St. Francis Xavier Cathedral
We begin today our pilgrimage, following the steps of Fr. Sorin and his companions from Vincennes—in 1842 the largest city in the state—to a plot of land some 250 miles north, near the south bend of the St. Joseph River. I thank you and admire you brave souls who are making this trek. You are worthy successors to an intrepid French priest who was determined to found a school dedicated to Our Lady.…
As we’re all grown-ups here, can we begin by acknowledging that faith – by definition – is unprovable? Faith is not science. Faith is, in fact, quite the opposite of science. That’s not to diminish faith – not at all – but only to embrace faith’s inherent uncertainty. Science is what one comes to know through proof. Faith is what one believes in the absence of proof. Not knowing…
My former roommate is proof that you should always think of your physician as the responsible, professional medic they are now – and not the college kid they were when, for example, Terry Wilkin (’92) showed up to Moriarty’s Pub dressed as an exceptionally well-endowed Lady Di. It was the London Program Hallowe’en party, sure, but honestly, the photographs I have in my possession should guarantee me free healthcare for life.
Packages include a five-day (Aug. 22-26), 70-mile option; a three-day (Aug. 24-26), 40-mile choice; and a one-day (Aug. 26), eight-mile route.
In addition to the free final day, five-day and three-day pilgrimages are offered.
I’ve been hearing about Brother Larry Stewart, C.S.C., (’60/’61) from the very start of my involvement with the Notre Dame Trail. He’s the sort of man who leaves an impression. In 1997, he celebrated his 40th jubilee as a Holy Cross brother by cycling across the country, sea to shining sea. In 2007, he celebrated his 50th jubilee by doing it again. This year, when considering how to mark the occasion of his 60th jubilee, he jumped at the chance to walk the 300-plus miles across Indiana in the footsteps of Notre Dame’s founder, Father Edward Sorin. Brother Larry is 80 years old. “But I don’t look my age,” he is quick to reassure me. “People tell me that all the time.” Why am I not surprised?
It’s thirty-one days until the core pilgrims set out from Vincennes to start the long walk to Notre Dame, and I wanted to mark the t-minus-one-month mark somehow. But, frankly, I’m just not in a philosophical mood today. The week gone by has me kind of thinked-out.
So instead I’ve decided to share with you the sort of train of thought that rolls through my head as I knock out the miles that used to be “training” and are now just “how I live these days.” There’s no particular rhyme or reason or bigger meaning, so don’t bother looking for one. Just thoughts bouncing around like the little white dot on your old tv in a game of Pong.…
If it’s easy for me to feel proud of myself, walking and biking as much as I am in preparation for the 317 miles I and the other core pilgrims will cover in August, the bubble of my pride deflates quickly when I talk with someone like Pat Hellman (’63). We speak on a day he has completed a 27-mile bike ride as part of his training. The preparation seems to be going well – it reminds the 75-year-old of the last Iron Man race he was in. “Your last Iron Man?” “Oh, yeah,” he says. “I’ve done a few.”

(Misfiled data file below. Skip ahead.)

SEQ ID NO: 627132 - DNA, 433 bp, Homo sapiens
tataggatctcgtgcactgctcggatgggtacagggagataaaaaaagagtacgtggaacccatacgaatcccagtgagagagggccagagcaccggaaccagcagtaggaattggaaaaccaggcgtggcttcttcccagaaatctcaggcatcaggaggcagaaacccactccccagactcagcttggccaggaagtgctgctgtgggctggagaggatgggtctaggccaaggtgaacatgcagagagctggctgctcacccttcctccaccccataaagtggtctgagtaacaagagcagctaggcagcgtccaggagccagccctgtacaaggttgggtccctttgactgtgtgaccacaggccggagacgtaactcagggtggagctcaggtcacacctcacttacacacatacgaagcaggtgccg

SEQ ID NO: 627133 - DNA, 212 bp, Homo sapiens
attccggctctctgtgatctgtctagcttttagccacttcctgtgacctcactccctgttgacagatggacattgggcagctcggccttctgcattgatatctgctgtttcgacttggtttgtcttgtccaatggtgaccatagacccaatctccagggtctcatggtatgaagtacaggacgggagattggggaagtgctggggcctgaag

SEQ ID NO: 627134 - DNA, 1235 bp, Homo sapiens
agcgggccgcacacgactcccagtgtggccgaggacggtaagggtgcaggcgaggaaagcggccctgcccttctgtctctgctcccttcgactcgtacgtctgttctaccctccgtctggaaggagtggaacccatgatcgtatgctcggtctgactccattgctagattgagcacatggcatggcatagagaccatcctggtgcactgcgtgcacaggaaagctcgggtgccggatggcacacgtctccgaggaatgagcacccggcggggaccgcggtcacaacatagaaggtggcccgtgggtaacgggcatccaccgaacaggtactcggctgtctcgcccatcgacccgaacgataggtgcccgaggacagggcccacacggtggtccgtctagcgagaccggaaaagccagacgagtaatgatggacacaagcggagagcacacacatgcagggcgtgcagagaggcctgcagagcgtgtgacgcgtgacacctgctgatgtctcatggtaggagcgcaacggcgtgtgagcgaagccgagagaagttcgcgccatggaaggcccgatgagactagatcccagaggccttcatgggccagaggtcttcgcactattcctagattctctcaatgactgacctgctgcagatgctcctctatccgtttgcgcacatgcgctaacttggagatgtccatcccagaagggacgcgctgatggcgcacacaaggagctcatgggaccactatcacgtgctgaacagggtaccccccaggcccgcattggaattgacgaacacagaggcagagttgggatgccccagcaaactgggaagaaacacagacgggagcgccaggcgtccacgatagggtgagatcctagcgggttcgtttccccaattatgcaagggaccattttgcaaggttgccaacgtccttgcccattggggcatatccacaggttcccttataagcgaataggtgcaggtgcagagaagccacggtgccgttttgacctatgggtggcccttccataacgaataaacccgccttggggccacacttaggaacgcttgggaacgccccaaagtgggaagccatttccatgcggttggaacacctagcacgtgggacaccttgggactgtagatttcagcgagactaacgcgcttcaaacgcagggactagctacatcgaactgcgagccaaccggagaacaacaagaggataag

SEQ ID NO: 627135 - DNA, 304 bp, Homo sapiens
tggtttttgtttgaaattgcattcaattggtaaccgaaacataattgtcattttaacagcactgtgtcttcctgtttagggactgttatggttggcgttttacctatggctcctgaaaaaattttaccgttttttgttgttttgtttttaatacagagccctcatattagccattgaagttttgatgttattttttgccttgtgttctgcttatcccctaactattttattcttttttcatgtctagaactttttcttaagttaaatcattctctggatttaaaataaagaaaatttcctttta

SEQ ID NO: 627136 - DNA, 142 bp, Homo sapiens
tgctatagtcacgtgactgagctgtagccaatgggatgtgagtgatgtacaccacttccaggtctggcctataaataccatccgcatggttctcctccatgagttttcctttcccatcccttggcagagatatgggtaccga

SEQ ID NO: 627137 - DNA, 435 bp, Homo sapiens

In his 2016 Laetare Address, Vice-President Biden explained how his “grandpop” had played for Santa Clara in the early part of the last century and how he always resented the team being referred to as “the Notre Dame of the west.” The Irish, the proud Bronco had insisted, were in fact “the Santa Clara of the midwest.” Well. That being said...
Brace yourselves. By the time Mark Alexander (’80) and I get back from our two weeks walking the Notre Dame Trail, we will have the world set to rights. We will have it all sorted out. We got this. There’s a lot to say about Mark. He’s one of those people who make things happen. I didn’t ask about his sleep schedule, but it’s got to be pretty thin.
My wife and I describe ourselves as tumbleweeds. We celebrated our 23rd anniversary last year by her kissing me at Bradley International Airport in Connecticut as I boarded a plane for Seattle where I would spend the next week hoping to secure a new place for us to live out here.
We had no reason to be moving to Seattle. We had no connections in Seattle. We had no work in Seattle. When people ask us why we chose Seattle, I tell them “because we had never been to Seattle and thought ‘Why not?’” Life was some version of normal in Connecticut. Our youngest daughter was a junior in high school. We were both working. No one was looking for us to leave. Everything was, by all measures, normal, stable, and good.…
The Boy Scouts of America LaSalle Council created a special ND Trail and 175 anniversary patch. Scouts and their families can learn more and register at https://www.lasallecouncilbsa.org/nd175trail